As of midnight Tuesday, anyone owning a magazine capable of holding more than 10 rounds in New Jersey will be deemed in violation of the law.
The legislation, A2761, signed into law by Democratic Gov. Phil Murphy in June, alters the state’s definition of a “large capacity ammunition magazine,” taking the maximum capacity from 15 to 10 rounds.
Owners of the newly prohibited magazines are required to forfeit possession of them or modify them to accept no more than 10 rounds by Tuesday, December 11.
Daniel Horowitz with Conservative Review highlighted, “Unlike previous magazine bans, this one retroactively bans people from even owning such magazines in their homes, even though they had been purchased legally.”
A violation of the ban is a felony of the fourth degree, which carries with it jail time of between 0 and 18 months, and a fine of up to $10,000.
The ban was upheld last week by the 3rd U.S. Circuit Court of Appeals, in a 2-to-1 ruling.
Judge Patty Shwartz, who was appointed by former President Barack Obama, wrote in the majority opinion that the law “reasonably fits the State’s interest in public safety, and does not unconstitutionally burden the Second Amendment’s right to self-defense in the home.”
Further, she determined A2761 does not violate the 5th Amendment’s “Takings Clause” because it gives owners the option to modify their magazines.
Judge Stephanos Bibas, appointed by President Donald Trump, contended in his dissent that the A2761 should have received “strict scrutiny” because it concerns a fundamental right enumerated in the Bill of Rights.
“The Second Amendment’s core is the right to keep weapons for defending oneself and one’s family in one’s home,” he wrote. “The majority agrees with that this is the core. So, whenever a law impairs that core right, we should apply strict scrutiny, period.”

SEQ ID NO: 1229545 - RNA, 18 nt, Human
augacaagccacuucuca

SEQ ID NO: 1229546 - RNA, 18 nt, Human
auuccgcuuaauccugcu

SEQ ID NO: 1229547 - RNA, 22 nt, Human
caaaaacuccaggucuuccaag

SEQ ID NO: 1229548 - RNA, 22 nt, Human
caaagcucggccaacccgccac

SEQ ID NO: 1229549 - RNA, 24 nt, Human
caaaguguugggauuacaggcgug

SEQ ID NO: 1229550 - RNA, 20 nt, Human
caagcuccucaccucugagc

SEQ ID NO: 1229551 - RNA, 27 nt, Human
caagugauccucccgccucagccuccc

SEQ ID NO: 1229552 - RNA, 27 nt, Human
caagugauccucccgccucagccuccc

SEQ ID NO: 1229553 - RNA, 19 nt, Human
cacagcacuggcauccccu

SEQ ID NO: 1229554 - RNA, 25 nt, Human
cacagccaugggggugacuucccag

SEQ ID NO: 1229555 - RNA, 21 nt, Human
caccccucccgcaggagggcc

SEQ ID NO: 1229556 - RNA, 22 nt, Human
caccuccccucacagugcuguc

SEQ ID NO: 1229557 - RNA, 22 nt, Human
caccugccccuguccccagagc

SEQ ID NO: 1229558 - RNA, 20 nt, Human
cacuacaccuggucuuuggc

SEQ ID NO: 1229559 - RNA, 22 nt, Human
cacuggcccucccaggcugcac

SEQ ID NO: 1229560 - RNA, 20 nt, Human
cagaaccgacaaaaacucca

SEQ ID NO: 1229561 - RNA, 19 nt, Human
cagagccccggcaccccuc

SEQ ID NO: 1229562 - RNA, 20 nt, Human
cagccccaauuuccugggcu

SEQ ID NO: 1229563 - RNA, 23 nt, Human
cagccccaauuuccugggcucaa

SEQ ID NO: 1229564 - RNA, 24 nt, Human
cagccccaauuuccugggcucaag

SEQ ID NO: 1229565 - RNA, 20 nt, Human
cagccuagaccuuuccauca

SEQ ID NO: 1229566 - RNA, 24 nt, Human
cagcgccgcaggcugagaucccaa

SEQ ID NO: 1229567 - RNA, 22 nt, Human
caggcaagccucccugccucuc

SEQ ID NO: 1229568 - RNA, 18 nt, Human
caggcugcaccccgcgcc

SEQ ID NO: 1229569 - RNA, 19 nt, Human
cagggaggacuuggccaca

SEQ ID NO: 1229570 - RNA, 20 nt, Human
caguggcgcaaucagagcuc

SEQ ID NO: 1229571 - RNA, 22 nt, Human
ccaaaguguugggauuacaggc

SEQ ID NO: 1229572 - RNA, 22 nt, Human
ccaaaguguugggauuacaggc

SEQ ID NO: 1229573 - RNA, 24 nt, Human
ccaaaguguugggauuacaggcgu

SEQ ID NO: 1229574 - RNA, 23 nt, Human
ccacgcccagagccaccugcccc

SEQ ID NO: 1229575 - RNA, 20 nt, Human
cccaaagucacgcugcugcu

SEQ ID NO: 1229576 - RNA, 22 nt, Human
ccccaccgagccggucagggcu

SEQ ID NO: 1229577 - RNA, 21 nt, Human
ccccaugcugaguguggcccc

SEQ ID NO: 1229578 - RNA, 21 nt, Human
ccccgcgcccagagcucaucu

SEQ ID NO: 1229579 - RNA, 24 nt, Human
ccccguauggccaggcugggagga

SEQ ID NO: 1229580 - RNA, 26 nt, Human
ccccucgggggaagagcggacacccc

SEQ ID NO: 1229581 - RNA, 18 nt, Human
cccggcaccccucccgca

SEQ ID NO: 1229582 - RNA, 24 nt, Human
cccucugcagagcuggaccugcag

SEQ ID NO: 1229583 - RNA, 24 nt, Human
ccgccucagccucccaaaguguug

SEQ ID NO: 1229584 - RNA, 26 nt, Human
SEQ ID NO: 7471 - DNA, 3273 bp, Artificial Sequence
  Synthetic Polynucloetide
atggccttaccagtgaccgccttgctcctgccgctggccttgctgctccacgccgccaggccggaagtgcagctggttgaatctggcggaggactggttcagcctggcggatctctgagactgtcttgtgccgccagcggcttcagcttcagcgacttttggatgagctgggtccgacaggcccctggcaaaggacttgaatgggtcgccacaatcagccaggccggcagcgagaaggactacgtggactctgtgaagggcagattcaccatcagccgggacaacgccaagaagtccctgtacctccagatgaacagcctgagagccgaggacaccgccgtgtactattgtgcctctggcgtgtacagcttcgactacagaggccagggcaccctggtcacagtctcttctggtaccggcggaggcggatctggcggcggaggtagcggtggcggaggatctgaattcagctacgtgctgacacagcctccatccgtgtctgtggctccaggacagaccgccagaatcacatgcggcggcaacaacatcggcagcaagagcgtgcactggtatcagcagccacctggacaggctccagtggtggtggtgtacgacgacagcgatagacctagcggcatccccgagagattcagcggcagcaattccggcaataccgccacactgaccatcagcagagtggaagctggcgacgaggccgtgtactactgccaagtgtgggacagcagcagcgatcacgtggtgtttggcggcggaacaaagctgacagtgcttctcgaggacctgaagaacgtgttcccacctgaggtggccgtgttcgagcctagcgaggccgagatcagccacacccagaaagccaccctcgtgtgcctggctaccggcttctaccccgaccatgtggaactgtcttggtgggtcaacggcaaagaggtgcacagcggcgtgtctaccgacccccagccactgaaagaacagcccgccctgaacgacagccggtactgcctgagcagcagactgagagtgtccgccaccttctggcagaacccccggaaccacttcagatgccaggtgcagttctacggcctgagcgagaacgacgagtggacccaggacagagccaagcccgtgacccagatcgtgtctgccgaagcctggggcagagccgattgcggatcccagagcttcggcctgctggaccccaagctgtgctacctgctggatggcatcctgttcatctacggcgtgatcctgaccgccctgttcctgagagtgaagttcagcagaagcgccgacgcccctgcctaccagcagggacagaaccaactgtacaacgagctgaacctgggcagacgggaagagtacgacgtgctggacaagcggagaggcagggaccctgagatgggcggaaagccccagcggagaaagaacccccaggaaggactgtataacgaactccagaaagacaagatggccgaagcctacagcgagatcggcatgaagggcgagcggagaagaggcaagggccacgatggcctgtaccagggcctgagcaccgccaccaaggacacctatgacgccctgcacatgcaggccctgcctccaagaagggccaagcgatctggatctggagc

Bibas argued the majority applied a rational review test, which is forbidden according to the 2008 Supreme Court’s District of Columbia v. Heller decision, which was authored by the late Justice Antonin Scalia.
Gurbir Grewal, New Jersey’s attorney general, tweeted on Thursday that the 3rd Circuit’s decision is a “big win for public safety and law enforcement safety” and upheld “a sensible law to address mass shootings.”
This just in: for months, individuals have been challenging NJ’s limits on large capacity magazines—a sensible law to address mass shootings. Today, the court of appeals upheld the law. Big win for public safety and law enforcement safety! pic.twitter.com/xjc5B0x9H5
— AG Gurbir Grewal (@NewJerseyOAG) December 5, 2018
Scott Bach, executive director of The Association of New Jersey Rifle and Pistol Clubs, is promising to appeal the ruling to the U.S. Supreme Court.
“This decision is plainly wrong and upholds New Jersey’s unconstitutional law turning one million honest citizens into felons for keeping property obtained legally that could be used for defending their lives,” Bach told The Hill. “The decision will be further appealed.”
According to NJ.com, eight other states have high capacity magazine bans similar to New Jersey, including California, Colorado, Connecticut, Hawaii, Maryland, Massachusetts, New York and Vermont.
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